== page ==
Supply chain radar: The next green puff – it's your turn now
The message is loud and clear: the cleaner you are, the more money you can ...
Ratings agency Moody’s has changed its outlook for the global shipping industry from ‘positive’ to ‘stable’ after the industry’s income peaked this year.
In its report, Moody’s said market conditions for the industry “remain solid”, but that these conditions are unlikely to be improved on in the coming 12-18 months.
“Earnings for container and dry bulk carriers are at record levels; however, we expect earnings to fall from their 2021 peak, but remain high,” said Daniel Harlid, VP and senior analyst at Moody’s, and the author of the report.
“Still, limited deliveries of new vessels next year will help keep freight rates at elevated levels.”
Demand will remain high throughout next year, but growth is expected to “decelerate” during 2022. Nevertheless, Moody’s expects supply and demand growth to be largely balanced, with the possibility that demand may increase a little more than capacity.
“Capital spending of shipping companies will continue to increase. Therefore, Moody’s expects orders for newer and more energy-efficient ships to continue to be a theme during 2022, as shipping companies prepare for stricter environmental regulations that will gradually be phased in from 2023,” explained Mr Harlid.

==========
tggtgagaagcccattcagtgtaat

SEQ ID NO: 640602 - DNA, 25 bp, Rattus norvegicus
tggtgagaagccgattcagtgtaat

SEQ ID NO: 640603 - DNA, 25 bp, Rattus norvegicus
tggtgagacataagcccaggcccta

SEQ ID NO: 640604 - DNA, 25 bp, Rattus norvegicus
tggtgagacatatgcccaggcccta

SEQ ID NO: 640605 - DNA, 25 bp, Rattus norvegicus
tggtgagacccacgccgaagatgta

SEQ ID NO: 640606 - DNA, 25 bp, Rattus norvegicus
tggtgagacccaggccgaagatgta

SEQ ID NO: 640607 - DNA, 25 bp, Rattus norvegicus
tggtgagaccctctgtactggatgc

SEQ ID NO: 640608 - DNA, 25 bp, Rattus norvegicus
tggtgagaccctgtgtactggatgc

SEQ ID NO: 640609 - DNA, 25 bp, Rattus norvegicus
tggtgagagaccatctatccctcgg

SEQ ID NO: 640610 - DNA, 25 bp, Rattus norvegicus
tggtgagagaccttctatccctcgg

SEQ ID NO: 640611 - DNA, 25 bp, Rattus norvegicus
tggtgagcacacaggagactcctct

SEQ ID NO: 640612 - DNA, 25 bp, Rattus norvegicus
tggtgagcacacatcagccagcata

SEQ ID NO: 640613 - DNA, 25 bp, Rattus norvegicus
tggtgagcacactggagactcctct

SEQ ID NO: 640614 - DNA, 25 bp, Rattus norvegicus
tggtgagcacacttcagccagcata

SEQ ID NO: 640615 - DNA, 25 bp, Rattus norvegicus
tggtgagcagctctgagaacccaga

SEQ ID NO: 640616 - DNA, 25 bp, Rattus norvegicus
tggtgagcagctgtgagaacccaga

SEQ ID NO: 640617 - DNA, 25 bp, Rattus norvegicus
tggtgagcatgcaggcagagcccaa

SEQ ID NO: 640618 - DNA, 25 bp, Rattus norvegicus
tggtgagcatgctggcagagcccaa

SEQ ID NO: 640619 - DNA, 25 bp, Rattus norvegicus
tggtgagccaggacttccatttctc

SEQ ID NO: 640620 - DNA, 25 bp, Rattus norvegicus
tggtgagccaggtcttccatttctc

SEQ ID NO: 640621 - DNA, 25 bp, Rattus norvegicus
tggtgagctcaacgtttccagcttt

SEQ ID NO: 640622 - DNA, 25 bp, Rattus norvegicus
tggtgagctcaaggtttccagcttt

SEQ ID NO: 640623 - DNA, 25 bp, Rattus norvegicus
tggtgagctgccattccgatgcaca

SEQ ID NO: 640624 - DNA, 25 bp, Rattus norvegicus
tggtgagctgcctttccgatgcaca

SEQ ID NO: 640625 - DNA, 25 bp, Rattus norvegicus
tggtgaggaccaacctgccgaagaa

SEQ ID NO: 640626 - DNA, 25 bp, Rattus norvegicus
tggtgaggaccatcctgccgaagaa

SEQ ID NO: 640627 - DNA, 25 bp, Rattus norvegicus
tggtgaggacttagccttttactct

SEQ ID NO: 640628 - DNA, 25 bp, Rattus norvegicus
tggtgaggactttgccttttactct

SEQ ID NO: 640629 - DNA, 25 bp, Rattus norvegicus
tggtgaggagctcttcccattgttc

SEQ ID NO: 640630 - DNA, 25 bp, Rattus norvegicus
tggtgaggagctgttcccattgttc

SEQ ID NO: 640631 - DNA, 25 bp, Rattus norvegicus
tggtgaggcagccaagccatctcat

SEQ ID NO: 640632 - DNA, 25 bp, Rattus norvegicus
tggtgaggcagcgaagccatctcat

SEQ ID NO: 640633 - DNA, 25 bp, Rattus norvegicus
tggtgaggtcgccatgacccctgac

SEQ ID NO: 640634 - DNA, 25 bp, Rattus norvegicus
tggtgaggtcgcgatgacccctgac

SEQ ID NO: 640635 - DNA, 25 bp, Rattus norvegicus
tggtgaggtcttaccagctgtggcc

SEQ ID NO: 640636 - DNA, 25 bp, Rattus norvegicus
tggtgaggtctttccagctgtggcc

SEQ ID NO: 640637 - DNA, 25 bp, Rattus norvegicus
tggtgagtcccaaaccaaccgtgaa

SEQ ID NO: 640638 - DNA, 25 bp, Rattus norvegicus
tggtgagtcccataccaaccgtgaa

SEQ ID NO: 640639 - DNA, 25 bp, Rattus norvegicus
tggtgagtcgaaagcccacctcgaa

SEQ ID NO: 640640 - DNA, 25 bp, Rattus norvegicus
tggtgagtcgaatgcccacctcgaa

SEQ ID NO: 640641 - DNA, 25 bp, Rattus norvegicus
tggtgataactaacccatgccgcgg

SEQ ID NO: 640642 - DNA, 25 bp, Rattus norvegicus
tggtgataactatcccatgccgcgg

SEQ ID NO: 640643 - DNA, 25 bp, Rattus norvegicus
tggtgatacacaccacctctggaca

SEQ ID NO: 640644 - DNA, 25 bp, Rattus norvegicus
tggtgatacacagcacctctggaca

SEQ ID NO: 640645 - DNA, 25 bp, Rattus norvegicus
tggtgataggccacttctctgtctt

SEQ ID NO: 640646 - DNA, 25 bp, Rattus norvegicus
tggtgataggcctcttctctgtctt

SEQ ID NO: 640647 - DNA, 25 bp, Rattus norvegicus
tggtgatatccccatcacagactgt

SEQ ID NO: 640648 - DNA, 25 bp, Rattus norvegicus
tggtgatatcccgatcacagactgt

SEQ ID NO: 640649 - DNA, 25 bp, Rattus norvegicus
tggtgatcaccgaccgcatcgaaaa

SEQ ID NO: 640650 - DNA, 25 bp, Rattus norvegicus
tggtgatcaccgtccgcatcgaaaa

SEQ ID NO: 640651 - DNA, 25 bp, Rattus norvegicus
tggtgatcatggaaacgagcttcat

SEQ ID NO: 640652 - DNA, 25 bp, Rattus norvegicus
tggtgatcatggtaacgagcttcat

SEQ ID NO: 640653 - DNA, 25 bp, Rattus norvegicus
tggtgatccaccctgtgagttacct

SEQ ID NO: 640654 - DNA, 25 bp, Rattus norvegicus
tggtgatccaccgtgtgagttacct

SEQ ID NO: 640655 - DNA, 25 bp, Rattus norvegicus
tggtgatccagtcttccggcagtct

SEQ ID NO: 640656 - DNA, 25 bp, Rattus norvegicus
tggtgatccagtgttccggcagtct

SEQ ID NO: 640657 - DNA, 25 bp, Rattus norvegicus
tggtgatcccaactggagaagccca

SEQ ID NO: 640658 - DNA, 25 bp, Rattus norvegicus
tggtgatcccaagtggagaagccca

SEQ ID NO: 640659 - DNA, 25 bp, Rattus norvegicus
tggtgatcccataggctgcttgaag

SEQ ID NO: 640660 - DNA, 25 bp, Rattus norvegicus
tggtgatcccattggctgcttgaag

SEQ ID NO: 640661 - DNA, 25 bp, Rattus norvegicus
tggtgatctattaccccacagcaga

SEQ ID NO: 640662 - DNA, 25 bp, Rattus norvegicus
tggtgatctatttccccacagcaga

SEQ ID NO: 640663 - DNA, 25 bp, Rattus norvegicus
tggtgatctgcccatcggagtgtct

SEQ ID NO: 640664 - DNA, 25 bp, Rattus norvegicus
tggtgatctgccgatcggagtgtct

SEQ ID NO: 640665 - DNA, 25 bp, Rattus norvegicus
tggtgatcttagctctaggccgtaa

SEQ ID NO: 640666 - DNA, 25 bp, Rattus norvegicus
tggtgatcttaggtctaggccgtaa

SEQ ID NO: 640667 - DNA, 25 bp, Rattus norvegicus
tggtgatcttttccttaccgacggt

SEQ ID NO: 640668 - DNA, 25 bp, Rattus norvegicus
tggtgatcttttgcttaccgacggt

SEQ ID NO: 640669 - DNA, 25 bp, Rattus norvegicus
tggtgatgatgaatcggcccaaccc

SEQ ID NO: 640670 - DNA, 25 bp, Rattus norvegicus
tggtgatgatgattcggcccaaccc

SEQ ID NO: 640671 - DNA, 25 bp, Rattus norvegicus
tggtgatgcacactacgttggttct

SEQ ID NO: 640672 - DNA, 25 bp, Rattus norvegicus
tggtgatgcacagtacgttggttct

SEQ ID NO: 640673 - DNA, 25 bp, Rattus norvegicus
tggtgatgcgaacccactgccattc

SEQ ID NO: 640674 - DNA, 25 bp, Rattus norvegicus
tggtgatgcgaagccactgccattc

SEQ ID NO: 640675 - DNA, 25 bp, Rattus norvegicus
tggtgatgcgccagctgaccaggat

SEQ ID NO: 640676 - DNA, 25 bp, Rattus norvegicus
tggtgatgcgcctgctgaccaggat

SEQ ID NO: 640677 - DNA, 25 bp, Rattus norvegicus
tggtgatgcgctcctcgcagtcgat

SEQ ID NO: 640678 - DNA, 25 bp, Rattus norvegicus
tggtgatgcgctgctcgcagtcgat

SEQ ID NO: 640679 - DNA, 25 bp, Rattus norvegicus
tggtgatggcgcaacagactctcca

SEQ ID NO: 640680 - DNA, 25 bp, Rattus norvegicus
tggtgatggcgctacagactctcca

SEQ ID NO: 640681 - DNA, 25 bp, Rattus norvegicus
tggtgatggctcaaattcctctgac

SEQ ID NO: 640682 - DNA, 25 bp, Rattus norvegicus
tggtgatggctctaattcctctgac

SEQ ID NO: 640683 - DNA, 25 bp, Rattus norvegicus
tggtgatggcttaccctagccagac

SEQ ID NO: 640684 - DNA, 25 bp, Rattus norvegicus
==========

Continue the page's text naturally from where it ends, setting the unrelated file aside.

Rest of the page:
According to the Moody’s report, consolidation in the container shipping sector has helped to stabilise the industry, with the top five carriers’ market share of capacity just 38% in 2008, increasing to 65% this year.
Moreover, the rating agency believes, carriers will spend considerable sums of money replacing older tonnage as new environmental regulations come into force on 1 January 2023, including the Energy Efficiency Operational Index (EEXI) and Carbon Intensity Indicator (CII). New regulations will require less-efficient tonnage to improve while the EEXI will ratchet-up its requirements for efficiency progressively.